The parable goes that two men were each carrying a large load of bricks towards a construction site. When someone asked them each what they were doing, the first man replied simply, “I’m hauling a load of bricks.” The second man responded more enthusiastically. “I’m building a home.”
Unless you’re careful about keeping your perspective, the hectic IT world that we eat, live and breathe, can be like quicksand. The harder you try to get caught up and the more effort you put into it, the deeper you sink. Routine challenges range from being on call 24×7, to dealing with a never-ending stream of user problems, to juggling critical system issues. These are the quicksand that is part of your everyday life, continually pulling you down, often making you lose perspective of the big picture.
In most companies, especially in the IT department, there is always too much to be done. Particularly in fast-paced organizations, the situation (by culture or by design?) is that you have to accept that you will never be caught up, so it becomes more about prioritization and just-in-time delivery. There is always too much on your plate and far more than could reasonably be done, even if you worked 24 hours a day!
So, do you own your tasks or do your tasks own you? If it is the latter, then you may want to consider your perspective and try to focus on the big picture that the components build up into. It could be a goal such as completion of a project or closure of a sale, where the components are the processes or procedures, hardware, software, or even that emergency 3am trip into the office. Ultimately, they should all be driving your progress towards some core purpose; bricks in the home that you are building. If you have lost sight of that end-purpose or if the purpose has changed or gone missing, perhaps that task is not truly as important as you thought.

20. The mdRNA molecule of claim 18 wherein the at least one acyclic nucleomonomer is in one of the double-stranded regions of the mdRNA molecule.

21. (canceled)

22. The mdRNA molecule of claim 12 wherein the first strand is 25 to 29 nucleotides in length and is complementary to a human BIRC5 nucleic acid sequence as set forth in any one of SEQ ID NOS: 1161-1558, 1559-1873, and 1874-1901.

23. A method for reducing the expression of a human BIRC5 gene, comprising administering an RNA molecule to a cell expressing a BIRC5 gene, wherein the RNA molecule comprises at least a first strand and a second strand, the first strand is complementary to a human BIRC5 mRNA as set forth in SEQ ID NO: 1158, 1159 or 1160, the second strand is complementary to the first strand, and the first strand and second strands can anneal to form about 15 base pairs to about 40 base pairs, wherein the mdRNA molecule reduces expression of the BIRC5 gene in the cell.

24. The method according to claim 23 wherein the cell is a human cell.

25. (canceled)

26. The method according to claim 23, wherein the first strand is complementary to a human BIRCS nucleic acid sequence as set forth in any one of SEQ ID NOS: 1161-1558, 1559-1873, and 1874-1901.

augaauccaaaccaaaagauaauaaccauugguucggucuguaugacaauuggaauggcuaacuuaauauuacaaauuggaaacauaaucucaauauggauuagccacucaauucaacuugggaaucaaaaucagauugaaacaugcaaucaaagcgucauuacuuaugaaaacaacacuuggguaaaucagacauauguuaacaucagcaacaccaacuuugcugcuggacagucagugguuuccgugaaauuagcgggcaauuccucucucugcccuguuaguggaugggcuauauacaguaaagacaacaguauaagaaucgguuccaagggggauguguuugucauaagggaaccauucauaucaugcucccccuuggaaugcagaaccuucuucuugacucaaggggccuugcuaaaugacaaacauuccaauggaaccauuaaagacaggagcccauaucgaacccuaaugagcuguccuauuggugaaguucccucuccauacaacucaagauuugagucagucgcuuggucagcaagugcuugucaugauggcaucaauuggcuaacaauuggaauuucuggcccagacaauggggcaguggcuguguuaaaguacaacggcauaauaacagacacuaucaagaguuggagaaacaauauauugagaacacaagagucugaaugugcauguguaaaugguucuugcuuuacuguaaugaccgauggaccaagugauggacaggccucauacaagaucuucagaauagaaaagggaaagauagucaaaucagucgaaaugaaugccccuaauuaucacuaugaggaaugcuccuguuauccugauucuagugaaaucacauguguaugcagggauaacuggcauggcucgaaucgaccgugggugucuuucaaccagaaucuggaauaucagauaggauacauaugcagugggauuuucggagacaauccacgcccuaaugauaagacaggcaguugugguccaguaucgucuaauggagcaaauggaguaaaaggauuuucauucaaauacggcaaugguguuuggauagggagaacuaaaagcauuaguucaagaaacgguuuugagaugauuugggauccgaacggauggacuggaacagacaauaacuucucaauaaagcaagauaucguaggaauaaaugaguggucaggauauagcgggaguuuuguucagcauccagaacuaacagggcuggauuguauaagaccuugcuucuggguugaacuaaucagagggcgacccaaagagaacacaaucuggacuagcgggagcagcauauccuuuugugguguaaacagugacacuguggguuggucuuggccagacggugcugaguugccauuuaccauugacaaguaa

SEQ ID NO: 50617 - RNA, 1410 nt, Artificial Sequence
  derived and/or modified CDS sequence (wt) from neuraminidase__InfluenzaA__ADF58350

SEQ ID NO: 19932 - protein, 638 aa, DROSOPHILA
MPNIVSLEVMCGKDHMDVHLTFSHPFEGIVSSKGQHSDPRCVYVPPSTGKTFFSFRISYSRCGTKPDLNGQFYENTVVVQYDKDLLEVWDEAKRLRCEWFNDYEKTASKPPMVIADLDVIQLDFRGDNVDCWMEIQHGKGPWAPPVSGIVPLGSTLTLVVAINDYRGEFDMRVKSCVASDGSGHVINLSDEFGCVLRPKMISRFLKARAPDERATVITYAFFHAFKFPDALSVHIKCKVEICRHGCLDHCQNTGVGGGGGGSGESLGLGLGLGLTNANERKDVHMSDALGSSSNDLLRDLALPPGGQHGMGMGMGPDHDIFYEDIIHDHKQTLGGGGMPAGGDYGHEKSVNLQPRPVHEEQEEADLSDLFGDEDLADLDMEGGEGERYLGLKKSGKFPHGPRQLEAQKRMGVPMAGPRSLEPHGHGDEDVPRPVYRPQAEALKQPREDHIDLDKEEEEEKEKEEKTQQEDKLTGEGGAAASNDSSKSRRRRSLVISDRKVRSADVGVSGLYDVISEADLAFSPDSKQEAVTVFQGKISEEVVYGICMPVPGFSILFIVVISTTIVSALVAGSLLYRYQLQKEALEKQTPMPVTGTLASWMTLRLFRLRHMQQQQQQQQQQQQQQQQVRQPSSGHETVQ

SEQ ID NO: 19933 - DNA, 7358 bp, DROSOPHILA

Keeping the big picture in mind can be enhanced by learning about and respecting your individual mentality. Are you mired in tasks, or do those tasks actually mean something? The answer lies in your perception, which is especially interesting because perception is subjective. Detailed-oriented people tend to think of project scale in terms of, “How could I establish the big picture without having the details?” while a big picture person would think, “How can I get to the details without knowing what the big picture is?” To some, details can be quicksand; you can easily get in too deep and it will eventually drown you. Other folks need details to assemble the pieces that make up that big picture. There is not a wrong way to go about it; rather it is more about understanding yourself and how you prefer to think, but maintaining a healthy perspective either way.
Is a big picture perspective the same as a detailed viewpoint, just a different way to look at the same thing? Unfortunately, perspective differences are not as simple as toh-may-toh, toh-mah-toh. Although the action is the same, the concept and motivation are completely different. Consequently, how you view all of these things can have a huge impact on your attitude (and perhaps your sanity.) It is all-too-easy to sink deeper into the quicksand, getting absorbed in (and overwhelmed by) the never-ending action items, tasks and support issues. If you can maintain a macro-view sight level however, you can develop a greater perspective and mindset as part of your daily strategy. Regardless of your thinking preference, don’t lose sight of the big picture. Are you simply carrying bricks or are you building a home?